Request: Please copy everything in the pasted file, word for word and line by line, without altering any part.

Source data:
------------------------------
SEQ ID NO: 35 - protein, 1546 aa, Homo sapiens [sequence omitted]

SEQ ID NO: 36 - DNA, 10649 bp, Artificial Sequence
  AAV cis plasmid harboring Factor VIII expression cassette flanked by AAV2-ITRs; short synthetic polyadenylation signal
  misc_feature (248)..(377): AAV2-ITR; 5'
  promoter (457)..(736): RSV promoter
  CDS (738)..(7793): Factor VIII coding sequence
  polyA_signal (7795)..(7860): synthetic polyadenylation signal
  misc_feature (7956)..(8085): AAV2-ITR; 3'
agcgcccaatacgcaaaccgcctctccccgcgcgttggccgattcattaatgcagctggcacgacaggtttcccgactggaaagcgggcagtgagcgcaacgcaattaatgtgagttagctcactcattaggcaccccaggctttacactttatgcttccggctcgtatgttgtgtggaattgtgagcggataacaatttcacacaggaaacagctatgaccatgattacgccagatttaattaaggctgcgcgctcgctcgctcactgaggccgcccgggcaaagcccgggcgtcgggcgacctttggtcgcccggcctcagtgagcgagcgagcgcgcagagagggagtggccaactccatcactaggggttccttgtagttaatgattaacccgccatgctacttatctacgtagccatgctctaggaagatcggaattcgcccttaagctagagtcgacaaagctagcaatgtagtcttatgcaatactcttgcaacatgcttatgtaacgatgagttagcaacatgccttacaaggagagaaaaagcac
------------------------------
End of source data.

SEQ ID NO: 35 - protein, 1546 aa, Homo sapiens [sequence omitted]

SEQ ID NO: 36 - DNA, 10649 bp, Artificial Sequence
  AAV cis plasmid harboring Factor VIII expression cassette flanked by AAV2-ITRs; short synthetic polyadenylation signal
  misc_feature (248)..(377): AAV2-ITR; 5'
  promoter (457)..(736): RSV promoter
  CDS (738)..(7793): Factor VIII coding sequence
  polyA_signal (7795)..(7860): synthetic polyadenylation signal
  misc_feature (7956)..(8085): AAV2-ITR; 3'
agcgcccaatacgcaaaccgcctctccccgcgcgttggccgattcattaatgcagctggcacgacaggtttcccgactggaaagcgggcagtgagcgcaacgcaattaatgtgagttagctcactcattaggcaccccaggctttacactttatgcttccggctcgtatgttgtgtggaattgtgagcggataacaatttcacacaggaaacagctatgaccatgattacgccagatttaattaaggctgcgcgctcgctcgctcactgaggccgcccgggcaaagcccgggcgtcgggcgacctttggtcgcccggcctcagtgagcgagcgagcgcgcagagagggagtggccaactccatcactaggggttccttgtagttaatgattaacccgccatgctacttatctacgtagccatgctctaggaagatcggaattcgcccttaagctagagtcgacaaagctagcaatgtagtcttatgcaatactcttgcaacatgcttatgtaacgatgagttagcaacatgccttacaaggagagaaaaagcac